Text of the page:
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August 14, 2012

The Humane Society of the United States Aids Mississippi Sanctuary After Tornado Hits

The Humane Society of the United States is providing a $4,000 grant to St. Francis Animal Sanctuary in Tylertown, Miss., after the shelter suffered major damage caused by a tornado last Friday. One dog was killed and several others injured in the storm, and the shelter’s medical facility was knocked from its foundation. Many dogs roamed free after the storm destroyed their kennels.

In additional to the financial assistance, The HSUS purchased and coordinated the construction of 12 new kennels to alleviate the shelter’s critical housing crisis. The kennels are being installed by Southern Fencing in Tylertown.

“The strong winds and heavy rain of this tornado took a devastating toll on St. Francis Animal Sanctuary,” said Lydia Sattler, Mississippi state director for The HSUS. “The Humane Society of the United States is pleased that we are able to help rebuild this shelter for the more than 300 dogs who are cared for there.”

When homes and businesses are impacted by tornadoes, animals can suffer greatly. The HSUS offers the following preparedness tips to people who live in parts of the country where tornadoes strike:

1. Bring your pets inside. If it's not safe for you outside, it's not safe for them.

2. Keep emergency pet supplies in a tornado-proof room or cellar. The supplies should be easy to find   and transport, in case you need to   evacuate. Include the basics:

  • Adequate supply of food, water and treats
  • Sanitation items such as a litter box and litter or puppy pads
  • A crate to provide a secure place in which to weather the storm

3. Make sure that your cat or dog is wearing a collar and identification that is up to date and visible at all times. Increase your chances of being reunited with a lost pet by having him or her microchipped.

4. Practice getting your pets into the tornado-safe area.

  • Do your best to train your dog to go to the area on command or to come to you on command even when there are distractions.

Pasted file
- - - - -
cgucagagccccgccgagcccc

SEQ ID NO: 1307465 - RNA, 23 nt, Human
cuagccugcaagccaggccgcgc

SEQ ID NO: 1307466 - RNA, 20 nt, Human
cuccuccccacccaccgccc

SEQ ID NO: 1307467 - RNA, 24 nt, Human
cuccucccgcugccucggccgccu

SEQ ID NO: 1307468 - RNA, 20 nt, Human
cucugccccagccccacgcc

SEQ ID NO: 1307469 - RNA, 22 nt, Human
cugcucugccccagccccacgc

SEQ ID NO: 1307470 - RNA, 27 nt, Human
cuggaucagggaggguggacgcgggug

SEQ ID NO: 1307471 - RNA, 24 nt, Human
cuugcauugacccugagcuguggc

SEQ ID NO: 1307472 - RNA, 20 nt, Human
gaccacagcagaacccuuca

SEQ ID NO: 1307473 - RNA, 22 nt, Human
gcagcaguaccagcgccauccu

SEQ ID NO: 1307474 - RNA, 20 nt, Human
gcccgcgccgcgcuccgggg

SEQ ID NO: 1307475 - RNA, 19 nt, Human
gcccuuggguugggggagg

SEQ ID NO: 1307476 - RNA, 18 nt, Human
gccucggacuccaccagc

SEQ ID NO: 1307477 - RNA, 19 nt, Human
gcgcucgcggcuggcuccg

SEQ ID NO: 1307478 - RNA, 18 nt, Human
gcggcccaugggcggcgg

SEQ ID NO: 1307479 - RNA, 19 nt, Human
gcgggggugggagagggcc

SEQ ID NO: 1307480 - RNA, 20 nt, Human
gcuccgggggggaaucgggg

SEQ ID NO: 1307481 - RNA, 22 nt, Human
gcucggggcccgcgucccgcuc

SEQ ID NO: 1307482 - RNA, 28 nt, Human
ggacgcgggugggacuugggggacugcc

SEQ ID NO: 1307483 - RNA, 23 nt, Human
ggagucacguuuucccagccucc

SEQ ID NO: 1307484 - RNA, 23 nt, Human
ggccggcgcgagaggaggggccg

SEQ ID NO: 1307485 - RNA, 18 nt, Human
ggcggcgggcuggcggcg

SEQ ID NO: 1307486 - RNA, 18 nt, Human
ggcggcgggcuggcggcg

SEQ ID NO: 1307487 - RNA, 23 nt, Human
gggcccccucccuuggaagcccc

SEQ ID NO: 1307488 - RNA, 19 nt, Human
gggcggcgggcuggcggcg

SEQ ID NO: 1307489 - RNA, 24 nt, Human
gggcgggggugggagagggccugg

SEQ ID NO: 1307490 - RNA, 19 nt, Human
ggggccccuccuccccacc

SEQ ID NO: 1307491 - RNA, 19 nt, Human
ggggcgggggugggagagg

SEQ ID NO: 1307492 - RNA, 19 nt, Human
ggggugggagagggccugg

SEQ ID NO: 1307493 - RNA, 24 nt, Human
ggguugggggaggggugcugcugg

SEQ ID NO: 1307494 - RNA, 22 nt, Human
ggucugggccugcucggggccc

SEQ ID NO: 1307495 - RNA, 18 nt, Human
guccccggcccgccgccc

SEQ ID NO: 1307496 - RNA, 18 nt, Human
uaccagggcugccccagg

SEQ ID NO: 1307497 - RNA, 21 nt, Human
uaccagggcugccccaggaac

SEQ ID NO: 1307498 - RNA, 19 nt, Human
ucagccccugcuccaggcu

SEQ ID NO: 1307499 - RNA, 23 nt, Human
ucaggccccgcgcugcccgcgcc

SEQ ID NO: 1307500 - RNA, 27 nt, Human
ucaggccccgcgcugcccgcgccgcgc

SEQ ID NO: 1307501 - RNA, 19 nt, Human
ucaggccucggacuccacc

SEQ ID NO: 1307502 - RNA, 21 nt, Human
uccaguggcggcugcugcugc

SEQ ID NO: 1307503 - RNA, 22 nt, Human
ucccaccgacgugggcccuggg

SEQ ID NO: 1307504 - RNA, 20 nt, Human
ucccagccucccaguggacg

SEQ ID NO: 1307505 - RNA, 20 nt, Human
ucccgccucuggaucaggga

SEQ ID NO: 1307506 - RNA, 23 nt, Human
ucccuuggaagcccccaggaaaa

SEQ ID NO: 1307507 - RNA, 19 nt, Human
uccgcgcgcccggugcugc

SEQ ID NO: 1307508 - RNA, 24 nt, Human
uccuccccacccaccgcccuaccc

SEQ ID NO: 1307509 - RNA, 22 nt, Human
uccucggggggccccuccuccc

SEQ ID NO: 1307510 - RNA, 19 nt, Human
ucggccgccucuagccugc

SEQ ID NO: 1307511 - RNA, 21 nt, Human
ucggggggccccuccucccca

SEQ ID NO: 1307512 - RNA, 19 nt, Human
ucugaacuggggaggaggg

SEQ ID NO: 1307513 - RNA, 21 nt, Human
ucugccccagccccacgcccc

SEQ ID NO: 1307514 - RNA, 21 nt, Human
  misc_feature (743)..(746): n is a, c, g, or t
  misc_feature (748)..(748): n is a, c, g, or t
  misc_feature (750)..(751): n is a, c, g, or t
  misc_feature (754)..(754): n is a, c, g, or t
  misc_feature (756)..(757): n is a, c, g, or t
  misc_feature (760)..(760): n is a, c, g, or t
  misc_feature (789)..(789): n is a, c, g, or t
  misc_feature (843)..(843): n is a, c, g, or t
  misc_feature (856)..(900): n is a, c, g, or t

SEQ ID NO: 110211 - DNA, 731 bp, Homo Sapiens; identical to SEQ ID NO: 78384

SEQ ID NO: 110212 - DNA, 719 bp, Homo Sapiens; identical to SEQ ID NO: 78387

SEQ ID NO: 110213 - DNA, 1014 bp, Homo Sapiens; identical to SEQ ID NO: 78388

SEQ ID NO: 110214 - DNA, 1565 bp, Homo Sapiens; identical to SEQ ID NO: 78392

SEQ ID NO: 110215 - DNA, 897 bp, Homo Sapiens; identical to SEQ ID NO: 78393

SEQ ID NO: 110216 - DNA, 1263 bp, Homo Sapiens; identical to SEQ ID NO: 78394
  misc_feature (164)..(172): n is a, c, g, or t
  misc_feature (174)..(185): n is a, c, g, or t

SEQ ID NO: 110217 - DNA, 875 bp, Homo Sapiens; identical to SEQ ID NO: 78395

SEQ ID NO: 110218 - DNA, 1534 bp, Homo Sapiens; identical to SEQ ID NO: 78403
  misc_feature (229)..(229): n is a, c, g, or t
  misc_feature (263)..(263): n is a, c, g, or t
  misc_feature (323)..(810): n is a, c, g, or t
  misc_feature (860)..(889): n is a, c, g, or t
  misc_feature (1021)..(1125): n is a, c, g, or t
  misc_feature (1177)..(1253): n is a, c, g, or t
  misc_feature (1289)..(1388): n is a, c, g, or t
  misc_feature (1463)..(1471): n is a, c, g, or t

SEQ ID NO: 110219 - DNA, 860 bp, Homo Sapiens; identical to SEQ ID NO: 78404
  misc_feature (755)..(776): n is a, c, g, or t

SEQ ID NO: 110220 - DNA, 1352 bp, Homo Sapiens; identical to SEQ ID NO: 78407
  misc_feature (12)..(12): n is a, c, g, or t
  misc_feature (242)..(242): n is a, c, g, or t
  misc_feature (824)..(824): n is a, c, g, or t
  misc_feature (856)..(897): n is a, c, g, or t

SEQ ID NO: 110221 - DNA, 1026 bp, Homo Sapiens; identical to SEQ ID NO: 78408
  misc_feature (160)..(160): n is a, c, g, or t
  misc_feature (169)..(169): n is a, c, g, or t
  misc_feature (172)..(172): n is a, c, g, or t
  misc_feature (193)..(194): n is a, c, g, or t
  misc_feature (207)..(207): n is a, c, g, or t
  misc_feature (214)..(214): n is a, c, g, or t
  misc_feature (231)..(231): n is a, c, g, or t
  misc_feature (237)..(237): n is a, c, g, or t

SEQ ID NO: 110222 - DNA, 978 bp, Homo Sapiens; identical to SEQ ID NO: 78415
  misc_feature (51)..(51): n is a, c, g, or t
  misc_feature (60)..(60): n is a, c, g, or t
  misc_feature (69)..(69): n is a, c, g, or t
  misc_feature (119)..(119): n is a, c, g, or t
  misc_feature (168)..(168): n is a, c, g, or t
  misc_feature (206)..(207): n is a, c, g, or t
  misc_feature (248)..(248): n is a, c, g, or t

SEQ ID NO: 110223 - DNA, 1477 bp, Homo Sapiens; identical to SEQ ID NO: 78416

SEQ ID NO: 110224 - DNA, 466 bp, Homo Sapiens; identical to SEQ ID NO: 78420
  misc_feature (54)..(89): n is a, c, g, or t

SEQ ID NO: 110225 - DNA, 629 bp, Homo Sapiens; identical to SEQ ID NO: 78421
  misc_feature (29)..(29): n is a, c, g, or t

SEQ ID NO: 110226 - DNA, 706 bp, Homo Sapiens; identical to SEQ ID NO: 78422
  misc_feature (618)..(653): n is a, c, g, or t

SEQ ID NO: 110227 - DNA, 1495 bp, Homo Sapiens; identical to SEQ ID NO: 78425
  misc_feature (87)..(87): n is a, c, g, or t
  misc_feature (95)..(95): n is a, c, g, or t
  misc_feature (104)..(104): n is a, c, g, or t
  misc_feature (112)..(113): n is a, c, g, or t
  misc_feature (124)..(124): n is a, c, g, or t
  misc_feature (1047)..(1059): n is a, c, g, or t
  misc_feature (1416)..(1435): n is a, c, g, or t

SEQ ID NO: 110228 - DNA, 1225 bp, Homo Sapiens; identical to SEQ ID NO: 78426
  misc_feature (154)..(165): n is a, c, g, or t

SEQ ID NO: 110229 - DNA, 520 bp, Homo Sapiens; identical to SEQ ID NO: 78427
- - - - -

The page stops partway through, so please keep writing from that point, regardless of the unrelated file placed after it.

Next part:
• Learn how to quickly and safely secure your pets.
  • Find your pets' favorite hiding places and learn how to safely remove your pets from them.

5. Make your tornado-safe area animal friendly.

  • Close off or eliminate unsafe nooks and crannies where frightened cats may try to hide.
  • Move dangerous items such as tools or toxic products that have been stored in the area.

6. If you have to evacuate, to take your pets and their emergency supplies with you.

7. Take special care of your pets after the tornado has passed. Your home may be a very different place after a disaster, which can be very distressing for your pets.

  • Don't allow your pets to roam loose. Familiar landmarks and smells might be gone, and your pet will probably be disoriented. Pets can easily get lost in such situations.
  • While you assess the damage, keep dogs on leashes and keep cats in carriers inside the house. If your house is damaged, they could escape and become lost.
  • Be patient with your pets after a disaster. Try to get them back into their normal routines as soon as possible, and be ready for behavioral problems that may result from the stress of the situation. If behavioral problems persist, or if your pet seems to be having any health problems, talk to your veterinarian.

Media Contact: Stephanie Twining, 301-258-1491, stwining@humanesociety.org

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